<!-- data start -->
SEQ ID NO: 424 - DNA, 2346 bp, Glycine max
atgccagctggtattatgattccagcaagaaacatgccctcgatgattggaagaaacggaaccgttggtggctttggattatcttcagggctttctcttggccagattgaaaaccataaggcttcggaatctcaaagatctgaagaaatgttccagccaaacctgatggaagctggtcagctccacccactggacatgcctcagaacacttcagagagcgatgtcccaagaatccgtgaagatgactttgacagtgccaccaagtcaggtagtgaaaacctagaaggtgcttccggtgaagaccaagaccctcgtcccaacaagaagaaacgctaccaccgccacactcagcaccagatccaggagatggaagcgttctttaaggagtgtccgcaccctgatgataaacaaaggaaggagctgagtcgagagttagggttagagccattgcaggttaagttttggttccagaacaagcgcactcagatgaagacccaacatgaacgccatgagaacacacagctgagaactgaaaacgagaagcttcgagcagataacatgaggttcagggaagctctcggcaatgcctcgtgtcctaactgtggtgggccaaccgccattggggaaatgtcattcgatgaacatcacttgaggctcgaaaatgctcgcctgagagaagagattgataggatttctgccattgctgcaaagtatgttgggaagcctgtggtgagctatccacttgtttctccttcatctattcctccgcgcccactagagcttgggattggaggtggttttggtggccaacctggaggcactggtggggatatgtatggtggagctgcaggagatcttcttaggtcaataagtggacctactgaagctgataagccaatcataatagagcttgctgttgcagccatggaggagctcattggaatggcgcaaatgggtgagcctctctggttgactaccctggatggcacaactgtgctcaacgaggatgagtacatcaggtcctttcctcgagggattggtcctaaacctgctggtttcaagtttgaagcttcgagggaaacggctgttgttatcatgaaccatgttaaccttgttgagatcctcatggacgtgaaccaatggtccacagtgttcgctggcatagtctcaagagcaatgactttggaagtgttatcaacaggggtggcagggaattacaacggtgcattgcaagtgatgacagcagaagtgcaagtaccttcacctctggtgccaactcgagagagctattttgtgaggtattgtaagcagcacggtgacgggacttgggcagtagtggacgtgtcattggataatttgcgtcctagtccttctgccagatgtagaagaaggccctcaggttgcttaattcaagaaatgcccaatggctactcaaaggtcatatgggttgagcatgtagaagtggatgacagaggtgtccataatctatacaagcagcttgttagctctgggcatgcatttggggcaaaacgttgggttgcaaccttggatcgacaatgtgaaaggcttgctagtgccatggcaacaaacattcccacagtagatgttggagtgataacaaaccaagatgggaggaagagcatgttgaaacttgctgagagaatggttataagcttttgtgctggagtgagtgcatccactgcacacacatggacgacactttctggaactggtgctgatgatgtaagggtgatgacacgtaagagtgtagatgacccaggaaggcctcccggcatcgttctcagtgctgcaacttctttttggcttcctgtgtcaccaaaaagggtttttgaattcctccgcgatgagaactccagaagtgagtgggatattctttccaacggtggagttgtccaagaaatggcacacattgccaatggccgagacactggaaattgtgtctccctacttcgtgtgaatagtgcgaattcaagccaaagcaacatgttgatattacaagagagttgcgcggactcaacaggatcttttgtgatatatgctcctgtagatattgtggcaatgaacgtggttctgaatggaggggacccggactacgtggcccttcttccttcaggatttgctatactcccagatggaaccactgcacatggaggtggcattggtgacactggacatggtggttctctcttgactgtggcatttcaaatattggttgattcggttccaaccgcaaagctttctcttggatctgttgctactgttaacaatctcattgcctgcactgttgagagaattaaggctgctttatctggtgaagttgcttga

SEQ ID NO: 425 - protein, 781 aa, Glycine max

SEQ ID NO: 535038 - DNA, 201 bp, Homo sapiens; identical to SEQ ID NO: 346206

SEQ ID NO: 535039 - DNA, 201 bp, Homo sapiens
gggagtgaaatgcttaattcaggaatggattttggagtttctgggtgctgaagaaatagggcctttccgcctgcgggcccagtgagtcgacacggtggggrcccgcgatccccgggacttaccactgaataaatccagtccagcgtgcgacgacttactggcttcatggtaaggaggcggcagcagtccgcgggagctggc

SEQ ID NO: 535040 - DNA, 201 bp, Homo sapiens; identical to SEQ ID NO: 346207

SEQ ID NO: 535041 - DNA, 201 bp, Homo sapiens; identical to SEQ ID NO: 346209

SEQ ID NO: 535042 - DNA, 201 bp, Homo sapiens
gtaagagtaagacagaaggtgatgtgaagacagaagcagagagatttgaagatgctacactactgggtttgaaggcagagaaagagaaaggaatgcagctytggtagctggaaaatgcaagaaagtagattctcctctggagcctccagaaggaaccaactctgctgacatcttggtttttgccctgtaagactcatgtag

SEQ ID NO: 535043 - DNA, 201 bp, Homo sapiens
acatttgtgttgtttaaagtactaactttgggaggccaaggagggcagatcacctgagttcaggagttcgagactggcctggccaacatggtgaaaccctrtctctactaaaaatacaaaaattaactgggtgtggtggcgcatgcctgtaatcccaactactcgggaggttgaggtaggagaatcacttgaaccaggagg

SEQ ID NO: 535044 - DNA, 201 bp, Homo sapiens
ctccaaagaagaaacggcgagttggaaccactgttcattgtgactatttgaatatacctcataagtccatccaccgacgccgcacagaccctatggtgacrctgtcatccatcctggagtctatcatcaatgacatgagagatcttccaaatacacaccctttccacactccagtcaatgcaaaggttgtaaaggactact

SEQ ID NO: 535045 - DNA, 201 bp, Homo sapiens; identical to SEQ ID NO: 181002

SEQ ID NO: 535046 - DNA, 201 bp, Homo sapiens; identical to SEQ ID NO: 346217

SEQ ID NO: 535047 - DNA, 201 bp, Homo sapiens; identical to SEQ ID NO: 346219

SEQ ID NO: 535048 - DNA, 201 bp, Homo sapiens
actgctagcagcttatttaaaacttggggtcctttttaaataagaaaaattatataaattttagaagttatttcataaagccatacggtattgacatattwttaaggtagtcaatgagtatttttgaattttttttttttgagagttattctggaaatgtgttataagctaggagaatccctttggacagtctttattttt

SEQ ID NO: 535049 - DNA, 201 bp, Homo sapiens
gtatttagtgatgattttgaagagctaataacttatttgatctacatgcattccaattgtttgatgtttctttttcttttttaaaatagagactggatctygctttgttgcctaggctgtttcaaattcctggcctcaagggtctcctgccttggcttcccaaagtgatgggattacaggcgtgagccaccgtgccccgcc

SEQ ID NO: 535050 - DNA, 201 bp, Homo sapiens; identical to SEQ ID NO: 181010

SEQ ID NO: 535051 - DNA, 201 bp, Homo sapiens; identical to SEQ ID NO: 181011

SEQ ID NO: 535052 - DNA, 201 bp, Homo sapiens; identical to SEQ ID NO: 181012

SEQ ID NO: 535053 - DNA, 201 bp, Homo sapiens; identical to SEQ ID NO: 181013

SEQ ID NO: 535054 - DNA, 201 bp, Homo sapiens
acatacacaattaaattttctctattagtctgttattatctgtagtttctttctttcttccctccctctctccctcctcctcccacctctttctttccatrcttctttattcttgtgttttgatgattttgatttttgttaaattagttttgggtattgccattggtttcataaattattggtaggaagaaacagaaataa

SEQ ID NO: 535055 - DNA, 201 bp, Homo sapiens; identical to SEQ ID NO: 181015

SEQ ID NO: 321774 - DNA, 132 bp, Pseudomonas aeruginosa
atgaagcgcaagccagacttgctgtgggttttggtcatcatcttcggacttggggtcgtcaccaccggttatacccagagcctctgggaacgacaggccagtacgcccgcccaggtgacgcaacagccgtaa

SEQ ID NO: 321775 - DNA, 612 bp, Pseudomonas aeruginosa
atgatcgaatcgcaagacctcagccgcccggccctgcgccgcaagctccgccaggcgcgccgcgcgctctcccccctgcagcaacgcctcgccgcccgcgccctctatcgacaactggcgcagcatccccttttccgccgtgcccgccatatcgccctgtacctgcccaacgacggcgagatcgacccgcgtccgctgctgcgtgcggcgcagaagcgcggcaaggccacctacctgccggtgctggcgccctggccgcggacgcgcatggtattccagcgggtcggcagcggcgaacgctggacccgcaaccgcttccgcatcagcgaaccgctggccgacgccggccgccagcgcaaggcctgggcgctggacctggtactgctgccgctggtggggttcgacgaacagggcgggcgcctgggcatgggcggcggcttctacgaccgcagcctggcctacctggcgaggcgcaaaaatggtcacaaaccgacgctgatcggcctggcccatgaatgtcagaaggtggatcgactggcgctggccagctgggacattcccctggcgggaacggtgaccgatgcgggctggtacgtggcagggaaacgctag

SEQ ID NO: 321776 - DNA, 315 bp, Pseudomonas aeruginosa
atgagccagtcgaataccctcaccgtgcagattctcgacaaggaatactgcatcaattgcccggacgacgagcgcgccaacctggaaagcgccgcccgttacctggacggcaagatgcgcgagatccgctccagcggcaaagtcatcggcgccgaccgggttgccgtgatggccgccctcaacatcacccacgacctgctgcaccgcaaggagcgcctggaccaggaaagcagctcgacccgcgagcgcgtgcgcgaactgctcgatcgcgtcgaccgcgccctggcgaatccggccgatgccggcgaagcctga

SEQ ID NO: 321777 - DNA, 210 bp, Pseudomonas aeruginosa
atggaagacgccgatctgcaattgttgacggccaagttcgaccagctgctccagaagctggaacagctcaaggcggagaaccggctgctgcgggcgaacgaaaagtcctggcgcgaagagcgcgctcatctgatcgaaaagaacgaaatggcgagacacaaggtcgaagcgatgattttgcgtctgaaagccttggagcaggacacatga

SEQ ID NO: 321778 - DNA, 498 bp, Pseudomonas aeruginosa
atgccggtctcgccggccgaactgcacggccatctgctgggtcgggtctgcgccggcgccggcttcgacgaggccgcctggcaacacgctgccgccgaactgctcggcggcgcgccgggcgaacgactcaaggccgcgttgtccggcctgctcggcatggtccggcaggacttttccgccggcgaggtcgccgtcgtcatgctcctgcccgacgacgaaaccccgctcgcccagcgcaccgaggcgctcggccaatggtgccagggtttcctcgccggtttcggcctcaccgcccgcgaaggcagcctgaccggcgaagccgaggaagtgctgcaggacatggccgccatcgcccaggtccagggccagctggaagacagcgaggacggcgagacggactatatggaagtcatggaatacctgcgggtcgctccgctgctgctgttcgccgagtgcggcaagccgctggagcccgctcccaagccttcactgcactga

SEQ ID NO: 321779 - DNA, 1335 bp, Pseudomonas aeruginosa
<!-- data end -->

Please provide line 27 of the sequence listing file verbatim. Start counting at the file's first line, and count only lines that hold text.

acatacacaattaaattttctctattagtctgttattatctgtagtttctttctttcttccctccctctctccctcctcctcccacctctttctttccatrcttctttattcttgtgttttgatgattttgatttttgttaaattagttttgggtattgccattggtttcataaattattggtaggaagaaacagaaataa